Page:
Many people find that travel can be a difficult time while recovering from addiction. While some people like to use travel as an opportunity to sober up, others who have already sobered up find that the freedoms and adventures of travel make them likely to relapse.
It’s a good idea for you to learn some information about how traveling can be dangerous for recovering addicts, as well as learn some tips and techniques to prevent this from happening.
How can traveling affect addiction recovery?
There are several reasons that traveling could have an adverse effect on somebody who wants to get over an addiction.
- You’re away from your support groups. You may have some facets of your support group traveling with you – say, if you’re traveling with your spouse or with your family – but you are stepping away from a larger support network that you have developed at home.
- Traveling without access to a serious support group can make traveling seem overwhelming. You are going to be in new areas, experiencing new things, and these are stressors that can lead to a relapse. It can be very helpful for someone to have a support group to help guide them through unfamiliar situations.
- You’ll be out of your standard routine. Routine is one of the most important things for somebody hoping to recover from addiction. Since boredom is often cited as one of the most common reasons for somebody falling into a relapse, a well-scheduled routine is one of the most effective things for preventing relapse.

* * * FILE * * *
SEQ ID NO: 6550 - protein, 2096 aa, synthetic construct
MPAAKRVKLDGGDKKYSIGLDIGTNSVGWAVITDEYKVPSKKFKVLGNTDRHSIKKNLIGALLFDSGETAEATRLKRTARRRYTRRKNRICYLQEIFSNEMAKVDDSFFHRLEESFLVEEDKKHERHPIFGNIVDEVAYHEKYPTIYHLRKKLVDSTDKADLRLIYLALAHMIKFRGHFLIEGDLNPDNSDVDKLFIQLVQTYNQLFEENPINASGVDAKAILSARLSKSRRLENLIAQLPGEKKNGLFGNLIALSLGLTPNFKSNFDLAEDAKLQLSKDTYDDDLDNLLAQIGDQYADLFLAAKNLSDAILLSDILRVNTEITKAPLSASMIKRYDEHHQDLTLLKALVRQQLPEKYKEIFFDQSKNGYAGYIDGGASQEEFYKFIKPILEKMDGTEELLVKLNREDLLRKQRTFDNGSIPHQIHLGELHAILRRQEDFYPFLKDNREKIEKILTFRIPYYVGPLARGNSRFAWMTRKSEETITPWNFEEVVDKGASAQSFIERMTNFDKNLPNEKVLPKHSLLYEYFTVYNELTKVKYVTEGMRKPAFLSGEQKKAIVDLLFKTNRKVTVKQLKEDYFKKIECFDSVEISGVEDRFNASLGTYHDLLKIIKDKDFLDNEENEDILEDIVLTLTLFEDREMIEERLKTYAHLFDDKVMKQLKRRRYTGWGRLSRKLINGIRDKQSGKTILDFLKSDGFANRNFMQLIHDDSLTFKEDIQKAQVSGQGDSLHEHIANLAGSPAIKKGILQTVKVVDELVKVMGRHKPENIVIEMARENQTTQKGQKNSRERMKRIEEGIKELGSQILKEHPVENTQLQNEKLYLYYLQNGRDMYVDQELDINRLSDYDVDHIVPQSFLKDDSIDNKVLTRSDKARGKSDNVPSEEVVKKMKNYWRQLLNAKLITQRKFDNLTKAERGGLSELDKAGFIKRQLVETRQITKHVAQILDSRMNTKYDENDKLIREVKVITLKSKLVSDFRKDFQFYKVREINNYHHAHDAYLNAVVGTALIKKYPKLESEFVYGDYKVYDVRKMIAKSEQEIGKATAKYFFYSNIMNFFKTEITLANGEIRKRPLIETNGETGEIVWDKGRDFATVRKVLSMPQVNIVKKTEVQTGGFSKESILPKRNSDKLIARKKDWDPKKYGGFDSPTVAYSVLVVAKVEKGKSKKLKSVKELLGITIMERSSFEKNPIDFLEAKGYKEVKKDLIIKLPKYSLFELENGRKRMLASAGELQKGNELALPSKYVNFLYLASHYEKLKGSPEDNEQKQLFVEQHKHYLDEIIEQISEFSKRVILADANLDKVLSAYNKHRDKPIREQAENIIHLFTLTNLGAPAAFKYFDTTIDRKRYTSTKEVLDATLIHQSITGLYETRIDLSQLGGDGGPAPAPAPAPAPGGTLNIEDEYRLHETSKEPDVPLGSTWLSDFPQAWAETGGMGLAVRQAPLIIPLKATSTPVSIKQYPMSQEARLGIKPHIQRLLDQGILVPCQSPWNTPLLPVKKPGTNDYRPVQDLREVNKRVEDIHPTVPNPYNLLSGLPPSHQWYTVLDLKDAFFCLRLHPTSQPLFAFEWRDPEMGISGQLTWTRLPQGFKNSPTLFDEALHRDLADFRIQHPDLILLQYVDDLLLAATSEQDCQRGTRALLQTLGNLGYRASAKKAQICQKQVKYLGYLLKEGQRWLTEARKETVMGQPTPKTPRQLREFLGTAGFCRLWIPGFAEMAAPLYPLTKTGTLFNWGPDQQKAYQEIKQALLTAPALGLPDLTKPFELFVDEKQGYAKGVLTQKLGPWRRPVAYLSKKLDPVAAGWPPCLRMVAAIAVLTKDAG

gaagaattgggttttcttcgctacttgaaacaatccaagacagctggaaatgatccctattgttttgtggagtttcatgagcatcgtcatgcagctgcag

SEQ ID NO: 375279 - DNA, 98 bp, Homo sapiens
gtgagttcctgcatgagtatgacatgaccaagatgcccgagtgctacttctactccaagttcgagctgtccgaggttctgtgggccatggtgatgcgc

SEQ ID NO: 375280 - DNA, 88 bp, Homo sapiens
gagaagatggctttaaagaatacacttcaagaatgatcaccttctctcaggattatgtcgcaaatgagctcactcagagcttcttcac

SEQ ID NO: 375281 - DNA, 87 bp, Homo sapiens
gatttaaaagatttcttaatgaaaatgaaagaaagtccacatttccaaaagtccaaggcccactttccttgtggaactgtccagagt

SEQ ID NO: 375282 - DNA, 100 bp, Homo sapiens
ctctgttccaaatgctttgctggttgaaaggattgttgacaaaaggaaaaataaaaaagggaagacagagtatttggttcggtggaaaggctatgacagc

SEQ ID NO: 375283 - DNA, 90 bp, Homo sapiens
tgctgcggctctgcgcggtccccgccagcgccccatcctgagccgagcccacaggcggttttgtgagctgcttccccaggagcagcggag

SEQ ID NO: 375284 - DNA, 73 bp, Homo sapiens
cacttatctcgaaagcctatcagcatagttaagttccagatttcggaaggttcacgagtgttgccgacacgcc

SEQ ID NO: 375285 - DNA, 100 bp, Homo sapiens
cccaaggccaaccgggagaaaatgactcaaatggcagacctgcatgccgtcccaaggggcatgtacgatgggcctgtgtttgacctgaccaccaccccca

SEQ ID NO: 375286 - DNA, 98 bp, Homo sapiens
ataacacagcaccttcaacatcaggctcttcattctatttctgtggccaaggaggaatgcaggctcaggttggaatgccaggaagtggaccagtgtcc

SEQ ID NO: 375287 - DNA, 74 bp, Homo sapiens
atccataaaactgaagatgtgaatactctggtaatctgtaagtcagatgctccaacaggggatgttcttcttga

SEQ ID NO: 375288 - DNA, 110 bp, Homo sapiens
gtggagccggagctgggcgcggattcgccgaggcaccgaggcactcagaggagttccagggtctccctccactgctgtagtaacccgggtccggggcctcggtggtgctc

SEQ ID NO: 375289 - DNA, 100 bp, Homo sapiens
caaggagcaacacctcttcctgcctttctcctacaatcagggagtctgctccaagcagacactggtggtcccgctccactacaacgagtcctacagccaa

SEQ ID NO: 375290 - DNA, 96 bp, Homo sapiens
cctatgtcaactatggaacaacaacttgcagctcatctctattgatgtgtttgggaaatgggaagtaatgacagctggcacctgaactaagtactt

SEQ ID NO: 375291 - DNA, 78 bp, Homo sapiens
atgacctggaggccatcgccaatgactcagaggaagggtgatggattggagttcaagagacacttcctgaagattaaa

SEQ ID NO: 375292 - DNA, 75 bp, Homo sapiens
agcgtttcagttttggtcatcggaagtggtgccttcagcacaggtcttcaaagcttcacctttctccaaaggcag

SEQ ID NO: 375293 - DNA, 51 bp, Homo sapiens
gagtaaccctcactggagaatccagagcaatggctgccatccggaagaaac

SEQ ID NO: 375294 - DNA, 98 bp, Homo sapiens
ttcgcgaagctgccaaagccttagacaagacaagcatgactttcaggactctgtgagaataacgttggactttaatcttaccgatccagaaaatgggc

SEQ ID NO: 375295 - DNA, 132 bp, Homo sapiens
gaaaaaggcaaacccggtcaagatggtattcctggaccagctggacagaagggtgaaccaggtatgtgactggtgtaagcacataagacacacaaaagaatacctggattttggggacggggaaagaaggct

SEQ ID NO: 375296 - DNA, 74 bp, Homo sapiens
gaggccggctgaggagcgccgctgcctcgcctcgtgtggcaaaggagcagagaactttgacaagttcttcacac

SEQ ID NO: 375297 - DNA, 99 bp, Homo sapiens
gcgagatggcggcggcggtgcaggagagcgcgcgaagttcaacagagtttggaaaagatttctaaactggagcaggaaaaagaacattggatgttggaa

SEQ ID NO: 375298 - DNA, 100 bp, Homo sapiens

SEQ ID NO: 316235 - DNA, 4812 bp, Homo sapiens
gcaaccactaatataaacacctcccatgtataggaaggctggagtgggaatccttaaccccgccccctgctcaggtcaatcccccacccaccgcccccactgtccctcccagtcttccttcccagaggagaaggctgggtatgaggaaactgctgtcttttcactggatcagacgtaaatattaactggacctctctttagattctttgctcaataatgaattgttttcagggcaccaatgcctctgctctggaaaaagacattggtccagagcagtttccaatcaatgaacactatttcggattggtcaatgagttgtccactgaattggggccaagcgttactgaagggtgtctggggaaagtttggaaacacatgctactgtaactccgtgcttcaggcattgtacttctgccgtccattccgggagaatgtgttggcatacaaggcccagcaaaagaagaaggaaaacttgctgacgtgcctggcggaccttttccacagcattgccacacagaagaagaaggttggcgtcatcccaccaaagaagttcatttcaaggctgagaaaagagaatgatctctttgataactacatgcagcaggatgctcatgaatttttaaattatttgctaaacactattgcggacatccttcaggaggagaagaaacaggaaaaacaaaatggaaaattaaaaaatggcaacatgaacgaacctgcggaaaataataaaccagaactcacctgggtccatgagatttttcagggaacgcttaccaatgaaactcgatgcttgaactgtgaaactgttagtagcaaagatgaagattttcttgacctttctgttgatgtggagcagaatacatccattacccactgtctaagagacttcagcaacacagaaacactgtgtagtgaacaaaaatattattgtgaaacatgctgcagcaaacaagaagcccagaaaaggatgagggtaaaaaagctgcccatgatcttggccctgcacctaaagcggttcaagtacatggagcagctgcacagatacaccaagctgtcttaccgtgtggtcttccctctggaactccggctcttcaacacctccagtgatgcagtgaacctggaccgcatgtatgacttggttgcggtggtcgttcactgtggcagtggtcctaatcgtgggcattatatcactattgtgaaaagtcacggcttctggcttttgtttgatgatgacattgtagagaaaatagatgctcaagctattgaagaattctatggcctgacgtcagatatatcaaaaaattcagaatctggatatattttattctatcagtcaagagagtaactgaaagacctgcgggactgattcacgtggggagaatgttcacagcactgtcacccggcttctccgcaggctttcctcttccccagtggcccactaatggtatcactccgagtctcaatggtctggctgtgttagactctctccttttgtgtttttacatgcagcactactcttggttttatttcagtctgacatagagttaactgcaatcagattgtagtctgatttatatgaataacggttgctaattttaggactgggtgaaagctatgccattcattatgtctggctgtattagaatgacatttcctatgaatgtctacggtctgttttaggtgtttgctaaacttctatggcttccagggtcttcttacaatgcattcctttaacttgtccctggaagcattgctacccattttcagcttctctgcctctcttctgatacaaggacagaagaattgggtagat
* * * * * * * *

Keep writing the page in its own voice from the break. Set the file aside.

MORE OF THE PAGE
- You’ll be around a lot of other travelers. Many travelers take the exhilaration and adventure of a journey as a good reason to drink or do drugs. This can put you in a very difficult position as far as abstaining from drugs and alcohol.
- A lot of travel destinations and activities place a fairly heavy emphasis on drinking and ‘living it up.’ In some cases, you might even find yourself left in a hotel room with complimentary bottles of alcohol. This can be extremely tempting.
The combination of these things can be a serious hindrance for someone who’s walking the path of sobriety. For that reason, it’s important that you take precautions to help you avoid the possibility of relapse. It’s also a good idea to observe different types of vacations and see how each one could have an impact on your recovery.
Determining the risk factor
Determining the risk factor in different travel itineraries could be what saves you from a relapse. Areas with higher risk factors are often teeming with people who are drinking or using drugs. These areas are often extremely popular tourist destinations, so it’s important that you take this into consideration while planning your vacation.
High risk situations:
Going to a beach in a popular tourist destination is almost a guarantee to find yourself surrounded by drinkers. While it is possible to go to these popular locations without relapsing, it might be worth your time to seek out a more private beach as opposed to having to be on your guard all the time.